Two women, Indonesian Siti Aisyah and Doan Thi Huong from Vietnam, and four men who are still at large, have been charged in the murder of the half-brother of the country’s leader, using banned chemical weapon VX at Kuala Lumpur airport on Feb. 13.

Defense lawyers have said Siti Aisyah and Huong were duped into thinking they were playing a prank for a reality TV show.

The four suspects, who were caught on airport camera talking to the women before they attacked Kim Jong Nam, were identified as North Koreans for the first time on Monday, a month since the trial began.

Three of them were seen meeting a North Korean embassy official and the Air Koryo official, both unidentified, at the main airport terminal within an hour of the attack, lead police investigator Wan Azirul Nizam Che Wan Aziz told the court.

North Korea has vehemently denied accusations by South Korean and U.S. officials that Kim Jong Un’s regime was behind the killing.

Kim Jong Nam, who was living in exile in Macau, had criticized his family’s dynastic rule of North Korea and his brother had issued a standing order for his execution, some South Korean lawmakers have said.

Footage played in the courtroom showed the Air Koryo official helping the three suspects at an airport check-in counter. He was later seen arranging a flight ticket for the fourth suspect too, Wan Azirul said.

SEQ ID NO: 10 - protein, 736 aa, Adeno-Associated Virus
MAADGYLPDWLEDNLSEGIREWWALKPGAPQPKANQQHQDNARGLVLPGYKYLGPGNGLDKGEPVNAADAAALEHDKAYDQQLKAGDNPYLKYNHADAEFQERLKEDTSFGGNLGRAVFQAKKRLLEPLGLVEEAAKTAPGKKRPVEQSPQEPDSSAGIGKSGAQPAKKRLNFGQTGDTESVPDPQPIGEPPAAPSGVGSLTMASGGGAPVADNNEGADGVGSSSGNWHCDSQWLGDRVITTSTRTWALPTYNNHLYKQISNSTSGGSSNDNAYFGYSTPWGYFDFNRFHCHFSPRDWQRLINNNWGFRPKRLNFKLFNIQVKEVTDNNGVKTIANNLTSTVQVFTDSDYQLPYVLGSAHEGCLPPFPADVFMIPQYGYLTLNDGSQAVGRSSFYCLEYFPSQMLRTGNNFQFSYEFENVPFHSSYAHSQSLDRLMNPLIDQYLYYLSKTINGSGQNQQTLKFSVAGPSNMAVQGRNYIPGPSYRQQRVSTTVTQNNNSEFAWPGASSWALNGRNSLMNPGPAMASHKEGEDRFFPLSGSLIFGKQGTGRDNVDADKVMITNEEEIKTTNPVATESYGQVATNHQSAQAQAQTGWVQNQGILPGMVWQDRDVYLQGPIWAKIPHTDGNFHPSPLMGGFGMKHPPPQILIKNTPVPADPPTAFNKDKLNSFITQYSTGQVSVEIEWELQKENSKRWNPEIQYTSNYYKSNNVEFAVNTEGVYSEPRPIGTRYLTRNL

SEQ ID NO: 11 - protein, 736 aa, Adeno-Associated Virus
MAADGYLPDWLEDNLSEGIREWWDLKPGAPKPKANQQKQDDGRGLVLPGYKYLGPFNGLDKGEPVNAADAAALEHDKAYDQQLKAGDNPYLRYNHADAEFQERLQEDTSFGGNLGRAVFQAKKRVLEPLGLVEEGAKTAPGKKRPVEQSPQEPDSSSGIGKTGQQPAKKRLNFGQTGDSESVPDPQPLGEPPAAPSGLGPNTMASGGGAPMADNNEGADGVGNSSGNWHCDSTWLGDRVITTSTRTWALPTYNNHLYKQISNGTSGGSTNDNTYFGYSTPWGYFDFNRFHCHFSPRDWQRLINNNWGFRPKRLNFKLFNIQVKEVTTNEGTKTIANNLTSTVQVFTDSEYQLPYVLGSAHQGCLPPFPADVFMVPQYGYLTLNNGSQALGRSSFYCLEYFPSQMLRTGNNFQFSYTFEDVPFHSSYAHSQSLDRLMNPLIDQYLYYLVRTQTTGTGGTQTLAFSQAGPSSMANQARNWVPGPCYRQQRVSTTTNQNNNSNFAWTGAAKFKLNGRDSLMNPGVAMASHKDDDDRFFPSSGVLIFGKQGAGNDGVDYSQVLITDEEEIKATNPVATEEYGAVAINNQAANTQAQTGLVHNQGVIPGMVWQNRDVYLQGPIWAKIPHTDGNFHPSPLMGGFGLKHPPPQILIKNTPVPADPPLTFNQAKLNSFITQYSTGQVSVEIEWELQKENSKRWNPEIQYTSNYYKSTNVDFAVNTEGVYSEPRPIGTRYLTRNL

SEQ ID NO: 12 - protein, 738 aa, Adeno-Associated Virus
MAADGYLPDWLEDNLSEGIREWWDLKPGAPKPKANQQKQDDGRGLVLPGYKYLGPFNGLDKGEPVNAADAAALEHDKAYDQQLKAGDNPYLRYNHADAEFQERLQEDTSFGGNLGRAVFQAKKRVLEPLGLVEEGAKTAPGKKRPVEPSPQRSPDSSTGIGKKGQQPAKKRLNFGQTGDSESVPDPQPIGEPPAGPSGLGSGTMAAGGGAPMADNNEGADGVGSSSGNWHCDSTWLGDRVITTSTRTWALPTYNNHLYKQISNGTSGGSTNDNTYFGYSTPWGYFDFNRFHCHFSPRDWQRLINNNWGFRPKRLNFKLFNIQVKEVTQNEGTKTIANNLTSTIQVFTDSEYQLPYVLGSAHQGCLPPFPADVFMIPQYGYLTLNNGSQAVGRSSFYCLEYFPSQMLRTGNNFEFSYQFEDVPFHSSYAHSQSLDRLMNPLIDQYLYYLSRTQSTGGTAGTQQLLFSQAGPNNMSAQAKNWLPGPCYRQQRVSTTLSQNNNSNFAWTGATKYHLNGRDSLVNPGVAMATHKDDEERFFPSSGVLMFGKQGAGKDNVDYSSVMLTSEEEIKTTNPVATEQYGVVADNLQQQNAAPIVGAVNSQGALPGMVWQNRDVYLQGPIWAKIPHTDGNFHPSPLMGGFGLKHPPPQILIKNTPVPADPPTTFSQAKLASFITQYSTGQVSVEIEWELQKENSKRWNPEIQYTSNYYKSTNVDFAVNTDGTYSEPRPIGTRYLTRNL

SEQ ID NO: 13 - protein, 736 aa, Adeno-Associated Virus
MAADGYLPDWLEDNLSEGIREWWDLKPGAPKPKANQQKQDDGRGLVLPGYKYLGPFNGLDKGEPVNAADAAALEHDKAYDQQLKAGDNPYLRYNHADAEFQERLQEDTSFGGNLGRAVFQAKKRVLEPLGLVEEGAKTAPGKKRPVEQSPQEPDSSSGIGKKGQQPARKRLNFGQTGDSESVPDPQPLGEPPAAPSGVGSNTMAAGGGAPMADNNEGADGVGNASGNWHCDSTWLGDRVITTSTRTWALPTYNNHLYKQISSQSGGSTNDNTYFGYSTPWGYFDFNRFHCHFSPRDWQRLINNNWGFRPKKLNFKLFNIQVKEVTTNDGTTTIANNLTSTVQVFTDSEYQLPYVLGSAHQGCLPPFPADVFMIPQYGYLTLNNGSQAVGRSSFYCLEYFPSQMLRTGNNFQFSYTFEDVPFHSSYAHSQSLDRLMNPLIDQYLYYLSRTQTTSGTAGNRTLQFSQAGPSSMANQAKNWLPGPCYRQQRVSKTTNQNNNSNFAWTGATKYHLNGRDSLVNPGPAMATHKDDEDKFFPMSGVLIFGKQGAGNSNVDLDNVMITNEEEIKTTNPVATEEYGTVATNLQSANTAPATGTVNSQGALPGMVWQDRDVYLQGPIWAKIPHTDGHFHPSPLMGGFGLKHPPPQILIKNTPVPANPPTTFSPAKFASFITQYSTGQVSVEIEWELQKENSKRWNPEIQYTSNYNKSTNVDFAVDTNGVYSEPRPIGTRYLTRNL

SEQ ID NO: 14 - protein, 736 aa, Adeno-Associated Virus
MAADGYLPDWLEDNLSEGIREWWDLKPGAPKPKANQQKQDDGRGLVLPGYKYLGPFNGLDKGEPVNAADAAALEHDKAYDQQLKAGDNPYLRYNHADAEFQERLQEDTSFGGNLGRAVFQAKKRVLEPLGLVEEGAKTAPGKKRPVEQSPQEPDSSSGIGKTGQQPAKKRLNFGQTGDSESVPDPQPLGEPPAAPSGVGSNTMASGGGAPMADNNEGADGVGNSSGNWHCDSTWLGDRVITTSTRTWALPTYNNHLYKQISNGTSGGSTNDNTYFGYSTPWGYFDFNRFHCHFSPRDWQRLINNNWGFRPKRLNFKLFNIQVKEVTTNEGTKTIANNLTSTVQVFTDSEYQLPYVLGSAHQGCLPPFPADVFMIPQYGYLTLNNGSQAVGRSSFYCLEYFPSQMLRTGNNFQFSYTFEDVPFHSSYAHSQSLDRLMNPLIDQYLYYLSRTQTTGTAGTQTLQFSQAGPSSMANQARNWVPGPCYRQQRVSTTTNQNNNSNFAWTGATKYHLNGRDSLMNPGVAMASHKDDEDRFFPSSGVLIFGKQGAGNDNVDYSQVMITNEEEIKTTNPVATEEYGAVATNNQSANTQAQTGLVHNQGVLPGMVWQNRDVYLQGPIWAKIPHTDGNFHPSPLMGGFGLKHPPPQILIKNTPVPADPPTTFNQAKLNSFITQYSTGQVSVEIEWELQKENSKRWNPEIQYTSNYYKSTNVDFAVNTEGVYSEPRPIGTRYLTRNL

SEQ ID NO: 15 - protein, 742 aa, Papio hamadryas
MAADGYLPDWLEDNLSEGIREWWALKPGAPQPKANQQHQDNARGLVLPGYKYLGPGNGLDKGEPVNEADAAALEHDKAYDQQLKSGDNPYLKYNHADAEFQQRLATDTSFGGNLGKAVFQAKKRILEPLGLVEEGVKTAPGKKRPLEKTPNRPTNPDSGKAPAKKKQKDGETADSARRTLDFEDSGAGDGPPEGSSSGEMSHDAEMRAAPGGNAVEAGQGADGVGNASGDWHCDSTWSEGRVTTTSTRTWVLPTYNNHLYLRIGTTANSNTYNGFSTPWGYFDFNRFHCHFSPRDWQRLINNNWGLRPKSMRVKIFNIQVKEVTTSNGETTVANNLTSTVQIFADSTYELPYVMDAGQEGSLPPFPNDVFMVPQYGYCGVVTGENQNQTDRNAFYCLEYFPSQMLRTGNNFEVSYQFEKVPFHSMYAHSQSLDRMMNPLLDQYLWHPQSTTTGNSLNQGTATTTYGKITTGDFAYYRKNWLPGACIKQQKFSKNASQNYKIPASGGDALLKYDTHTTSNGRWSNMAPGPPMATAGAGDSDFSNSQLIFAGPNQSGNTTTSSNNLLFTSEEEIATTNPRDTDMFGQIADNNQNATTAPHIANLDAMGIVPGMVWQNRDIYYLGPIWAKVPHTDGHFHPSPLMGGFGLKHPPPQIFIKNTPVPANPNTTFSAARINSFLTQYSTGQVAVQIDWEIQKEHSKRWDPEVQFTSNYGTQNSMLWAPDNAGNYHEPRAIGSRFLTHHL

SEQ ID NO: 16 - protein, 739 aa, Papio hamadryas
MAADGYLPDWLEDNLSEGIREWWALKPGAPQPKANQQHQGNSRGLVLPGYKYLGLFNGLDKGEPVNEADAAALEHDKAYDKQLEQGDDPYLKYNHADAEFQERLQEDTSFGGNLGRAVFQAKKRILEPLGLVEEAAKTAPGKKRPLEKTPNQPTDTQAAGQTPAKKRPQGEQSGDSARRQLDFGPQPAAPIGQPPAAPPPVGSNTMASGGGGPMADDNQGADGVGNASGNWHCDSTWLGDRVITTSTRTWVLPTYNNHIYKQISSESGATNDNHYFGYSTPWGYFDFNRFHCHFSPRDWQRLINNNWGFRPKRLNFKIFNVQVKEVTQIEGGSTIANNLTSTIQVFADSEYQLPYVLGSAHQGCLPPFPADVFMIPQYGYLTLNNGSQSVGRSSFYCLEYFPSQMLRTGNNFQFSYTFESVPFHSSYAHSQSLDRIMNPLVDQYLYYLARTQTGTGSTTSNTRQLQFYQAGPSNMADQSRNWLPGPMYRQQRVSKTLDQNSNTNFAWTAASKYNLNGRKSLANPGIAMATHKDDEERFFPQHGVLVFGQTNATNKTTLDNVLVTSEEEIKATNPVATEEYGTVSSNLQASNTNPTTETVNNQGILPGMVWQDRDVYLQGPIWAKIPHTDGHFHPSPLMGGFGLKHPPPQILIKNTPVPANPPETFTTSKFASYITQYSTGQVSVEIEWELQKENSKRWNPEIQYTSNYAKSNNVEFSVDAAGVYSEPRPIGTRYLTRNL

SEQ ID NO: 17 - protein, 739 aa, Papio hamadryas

Wan Azirul identified the men as North Koreans Hong Song Hac, Ri Ji Hyon, Ri Jae Nam and O Jong Gil, citing intelligence findings by the special branch of the Malaysian police.

Wan Azirul said he investigated and took statements from both the embassy and the Air Koryo official.

“They explained that the reason they were there was to assist every North Korean individual or citizen who boarded a flight to leave the country,” he told the court.

The North Korean embassy in Kuala Lumpur did not respond to Reuters’ telephone calls and emails to seek comment.

The sensational murder unraveled once-close ties between Malaysia and North Korea.